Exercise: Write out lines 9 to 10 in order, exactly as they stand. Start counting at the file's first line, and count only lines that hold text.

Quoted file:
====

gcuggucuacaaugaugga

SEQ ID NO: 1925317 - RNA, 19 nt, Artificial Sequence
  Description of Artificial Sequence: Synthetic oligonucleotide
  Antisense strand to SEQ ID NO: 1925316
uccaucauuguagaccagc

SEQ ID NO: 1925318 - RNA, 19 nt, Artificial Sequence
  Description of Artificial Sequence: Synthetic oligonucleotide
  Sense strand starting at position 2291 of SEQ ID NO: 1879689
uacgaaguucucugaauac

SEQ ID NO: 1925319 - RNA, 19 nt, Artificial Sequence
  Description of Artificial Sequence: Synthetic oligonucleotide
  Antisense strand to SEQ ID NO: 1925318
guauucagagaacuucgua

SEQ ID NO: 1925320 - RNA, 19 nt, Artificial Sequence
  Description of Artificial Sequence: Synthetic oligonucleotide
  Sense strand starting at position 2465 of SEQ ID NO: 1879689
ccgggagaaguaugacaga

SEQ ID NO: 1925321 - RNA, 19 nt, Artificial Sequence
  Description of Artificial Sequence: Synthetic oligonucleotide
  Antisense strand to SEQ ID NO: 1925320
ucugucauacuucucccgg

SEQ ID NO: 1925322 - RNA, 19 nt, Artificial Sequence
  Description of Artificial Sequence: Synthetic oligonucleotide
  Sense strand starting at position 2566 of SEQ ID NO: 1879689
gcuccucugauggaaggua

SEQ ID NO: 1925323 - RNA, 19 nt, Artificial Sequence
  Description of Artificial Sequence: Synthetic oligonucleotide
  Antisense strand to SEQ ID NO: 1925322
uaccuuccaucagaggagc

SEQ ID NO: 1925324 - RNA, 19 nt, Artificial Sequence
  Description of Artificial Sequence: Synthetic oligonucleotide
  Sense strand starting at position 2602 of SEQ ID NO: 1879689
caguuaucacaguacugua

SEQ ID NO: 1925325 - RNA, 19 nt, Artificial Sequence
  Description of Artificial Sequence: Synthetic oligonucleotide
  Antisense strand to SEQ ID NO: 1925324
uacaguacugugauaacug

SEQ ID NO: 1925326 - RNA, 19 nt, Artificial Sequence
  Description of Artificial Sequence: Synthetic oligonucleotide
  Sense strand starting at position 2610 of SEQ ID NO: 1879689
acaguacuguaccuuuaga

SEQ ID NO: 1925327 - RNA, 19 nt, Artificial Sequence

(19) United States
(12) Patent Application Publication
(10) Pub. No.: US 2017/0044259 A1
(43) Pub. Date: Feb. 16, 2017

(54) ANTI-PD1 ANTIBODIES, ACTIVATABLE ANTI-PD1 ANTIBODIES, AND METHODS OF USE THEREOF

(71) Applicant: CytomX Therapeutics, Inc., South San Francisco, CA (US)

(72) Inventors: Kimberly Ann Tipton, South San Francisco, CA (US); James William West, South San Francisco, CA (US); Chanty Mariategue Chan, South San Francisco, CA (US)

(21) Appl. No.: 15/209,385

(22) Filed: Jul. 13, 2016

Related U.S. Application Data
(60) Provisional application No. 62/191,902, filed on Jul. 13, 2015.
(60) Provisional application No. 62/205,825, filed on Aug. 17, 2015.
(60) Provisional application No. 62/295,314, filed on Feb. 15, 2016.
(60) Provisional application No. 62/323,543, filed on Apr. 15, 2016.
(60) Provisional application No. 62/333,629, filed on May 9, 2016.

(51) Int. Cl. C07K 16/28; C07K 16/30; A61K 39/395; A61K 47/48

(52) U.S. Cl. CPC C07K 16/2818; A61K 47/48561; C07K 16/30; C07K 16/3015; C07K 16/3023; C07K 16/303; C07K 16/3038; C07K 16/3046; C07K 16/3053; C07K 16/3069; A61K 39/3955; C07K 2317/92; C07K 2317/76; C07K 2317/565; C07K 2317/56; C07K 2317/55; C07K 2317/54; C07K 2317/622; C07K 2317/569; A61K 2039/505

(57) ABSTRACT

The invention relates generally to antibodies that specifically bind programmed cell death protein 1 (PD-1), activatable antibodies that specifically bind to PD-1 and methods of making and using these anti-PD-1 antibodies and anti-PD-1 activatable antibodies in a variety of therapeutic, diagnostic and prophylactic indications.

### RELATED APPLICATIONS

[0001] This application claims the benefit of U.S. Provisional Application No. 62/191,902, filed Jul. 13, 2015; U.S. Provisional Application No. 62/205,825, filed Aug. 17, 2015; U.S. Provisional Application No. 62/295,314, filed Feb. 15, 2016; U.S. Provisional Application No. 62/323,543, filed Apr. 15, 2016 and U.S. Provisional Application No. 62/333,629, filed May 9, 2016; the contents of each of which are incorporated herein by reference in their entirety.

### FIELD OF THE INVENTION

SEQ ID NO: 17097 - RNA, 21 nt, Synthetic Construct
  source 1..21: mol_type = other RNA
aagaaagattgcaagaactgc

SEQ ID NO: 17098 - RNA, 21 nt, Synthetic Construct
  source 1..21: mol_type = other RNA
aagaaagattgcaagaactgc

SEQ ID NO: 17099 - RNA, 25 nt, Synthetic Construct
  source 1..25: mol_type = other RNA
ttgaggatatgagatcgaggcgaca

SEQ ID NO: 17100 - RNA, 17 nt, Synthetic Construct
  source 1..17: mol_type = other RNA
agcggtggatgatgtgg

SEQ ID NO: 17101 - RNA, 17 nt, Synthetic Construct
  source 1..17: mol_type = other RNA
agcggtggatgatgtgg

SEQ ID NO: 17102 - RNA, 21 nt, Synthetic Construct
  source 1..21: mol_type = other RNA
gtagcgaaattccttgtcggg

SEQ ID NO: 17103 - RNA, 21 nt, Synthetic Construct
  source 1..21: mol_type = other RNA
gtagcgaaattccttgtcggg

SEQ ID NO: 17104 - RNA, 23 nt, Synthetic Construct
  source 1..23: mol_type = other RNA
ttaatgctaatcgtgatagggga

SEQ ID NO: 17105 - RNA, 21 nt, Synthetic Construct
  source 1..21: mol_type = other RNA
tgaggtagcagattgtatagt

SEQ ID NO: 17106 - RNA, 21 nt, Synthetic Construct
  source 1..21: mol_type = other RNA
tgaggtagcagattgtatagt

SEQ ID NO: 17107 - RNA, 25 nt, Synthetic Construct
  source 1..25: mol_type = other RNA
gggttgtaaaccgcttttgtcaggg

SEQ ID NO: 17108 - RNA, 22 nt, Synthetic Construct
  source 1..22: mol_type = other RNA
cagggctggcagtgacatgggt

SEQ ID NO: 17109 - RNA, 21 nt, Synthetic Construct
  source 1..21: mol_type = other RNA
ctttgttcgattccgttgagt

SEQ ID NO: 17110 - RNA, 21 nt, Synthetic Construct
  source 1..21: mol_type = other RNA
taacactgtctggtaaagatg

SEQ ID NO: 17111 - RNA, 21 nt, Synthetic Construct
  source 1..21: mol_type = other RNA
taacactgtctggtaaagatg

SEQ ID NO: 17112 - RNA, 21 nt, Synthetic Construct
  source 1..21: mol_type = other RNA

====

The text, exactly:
uacgaaguucucugaauac

SEQ ID NO: 1925319 - RNA, 19 nt, Artificial Sequence